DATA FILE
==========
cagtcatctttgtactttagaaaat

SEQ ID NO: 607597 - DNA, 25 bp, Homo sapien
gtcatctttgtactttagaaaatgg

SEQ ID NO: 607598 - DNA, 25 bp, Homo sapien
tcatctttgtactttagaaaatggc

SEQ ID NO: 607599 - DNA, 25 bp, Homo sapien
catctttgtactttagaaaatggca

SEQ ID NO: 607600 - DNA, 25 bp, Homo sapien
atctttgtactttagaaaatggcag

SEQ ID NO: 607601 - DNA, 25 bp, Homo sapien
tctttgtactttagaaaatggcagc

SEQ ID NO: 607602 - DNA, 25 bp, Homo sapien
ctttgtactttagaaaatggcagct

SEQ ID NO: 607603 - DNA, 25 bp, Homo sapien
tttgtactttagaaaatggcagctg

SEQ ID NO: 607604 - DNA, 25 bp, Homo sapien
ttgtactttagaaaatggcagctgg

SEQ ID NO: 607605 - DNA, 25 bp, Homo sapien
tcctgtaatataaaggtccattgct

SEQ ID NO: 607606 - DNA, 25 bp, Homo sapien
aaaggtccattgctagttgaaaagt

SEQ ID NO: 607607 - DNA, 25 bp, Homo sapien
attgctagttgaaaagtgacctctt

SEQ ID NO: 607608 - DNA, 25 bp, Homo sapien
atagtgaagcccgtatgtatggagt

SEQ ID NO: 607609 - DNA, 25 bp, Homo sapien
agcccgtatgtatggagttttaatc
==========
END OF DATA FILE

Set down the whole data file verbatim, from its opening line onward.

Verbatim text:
cagtcatctttgtactttagaaaat

SEQ ID NO: 607597 - DNA, 25 bp, Homo sapien
gtcatctttgtactttagaaaatgg

SEQ ID NO: 607598 - DNA, 25 bp, Homo sapien
tcatctttgtactttagaaaatggc

SEQ ID NO: 607599 - DNA, 25 bp, Homo sapien
catctttgtactttagaaaatggca

SEQ ID NO: 607600 - DNA, 25 bp, Homo sapien
atctttgtactttagaaaatggcag

SEQ ID NO: 607601 - DNA, 25 bp, Homo sapien
tctttgtactttagaaaatggcagc

SEQ ID NO: 607602 - DNA, 25 bp, Homo sapien
ctttgtactttagaaaatggcagct

SEQ ID NO: 607603 - DNA, 25 bp, Homo sapien
tttgtactttagaaaatggcagctg

SEQ ID NO: 607604 - DNA, 25 bp, Homo sapien
ttgtactttagaaaatggcagctgg

SEQ ID NO: 607605 - DNA, 25 bp, Homo sapien
tcctgtaatataaaggtccattgct

SEQ ID NO: 607606 - DNA, 25 bp, Homo sapien
aaaggtccattgctagttgaaaagt

SEQ ID NO: 607607 - DNA, 25 bp, Homo sapien
attgctagttgaaaagtgacctctt

SEQ ID NO: 607608 - DNA, 25 bp, Homo sapien
atagtgaagcccgtatgtatggagt

SEQ ID NO: 607609 - DNA, 25 bp, Homo sapien
agcccgtatgtatggagttttaatc